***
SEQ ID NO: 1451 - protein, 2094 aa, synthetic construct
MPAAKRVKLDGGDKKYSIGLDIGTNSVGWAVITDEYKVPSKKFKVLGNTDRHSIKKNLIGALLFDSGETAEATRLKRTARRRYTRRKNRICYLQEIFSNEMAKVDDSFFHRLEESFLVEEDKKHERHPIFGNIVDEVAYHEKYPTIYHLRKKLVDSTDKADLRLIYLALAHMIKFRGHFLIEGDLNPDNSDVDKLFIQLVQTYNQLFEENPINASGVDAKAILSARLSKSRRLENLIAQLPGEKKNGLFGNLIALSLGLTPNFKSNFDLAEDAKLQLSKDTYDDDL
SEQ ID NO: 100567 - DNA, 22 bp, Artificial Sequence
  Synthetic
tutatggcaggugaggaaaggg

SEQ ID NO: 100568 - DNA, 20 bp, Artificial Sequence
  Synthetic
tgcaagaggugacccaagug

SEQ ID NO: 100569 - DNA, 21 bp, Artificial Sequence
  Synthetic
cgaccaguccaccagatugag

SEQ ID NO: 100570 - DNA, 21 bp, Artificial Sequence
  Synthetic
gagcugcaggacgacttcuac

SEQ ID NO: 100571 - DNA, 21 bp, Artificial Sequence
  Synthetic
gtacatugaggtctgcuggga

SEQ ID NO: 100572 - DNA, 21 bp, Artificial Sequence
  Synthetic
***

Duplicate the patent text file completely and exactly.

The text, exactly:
SEQ ID NO: 1451 - protein, 2094 aa, synthetic construct
MPAAKRVKLDGGDKKYSIGLDIGTNSVGWAVITDEYKVPSKKFKVLGNTDRHSIKKNLIGALLFDSGETAEATRLKRTARRRYTRRKNRICYLQEIFSNEMAKVDDSFFHRLEESFLVEEDKKHERHPIFGNIVDEVAYHEKYPTIYHLRKKLVDSTDKADLRLIYLALAHMIKFRGHFLIEGDLNPDNSDVDKLFIQLVQTYNQLFEENPINASGVDAKAILSARLSKSRRLENLIAQLPGEKKNGLFGNLIALSLGLTPNFKSNFDLAEDAKLQLSKDTYDDDL
SEQ ID NO: 100567 - DNA, 22 bp, Artificial Sequence
  Synthetic
tutatggcaggugaggaaaggg

SEQ ID NO: 100568 - DNA, 20 bp, Artificial Sequence
  Synthetic
tgcaagaggugacccaagug

SEQ ID NO: 100569 - DNA, 21 bp, Artificial Sequence
  Synthetic
cgaccaguccaccagatugag

SEQ ID NO: 100570 - DNA, 21 bp, Artificial Sequence
  Synthetic
gagcugcaggacgacttcuac

SEQ ID NO: 100571 - DNA, 21 bp, Artificial Sequence
  Synthetic
gtacatugaggtctgcuggga

SEQ ID NO: 100572 - DNA, 21 bp, Artificial Sequence
  Synthetic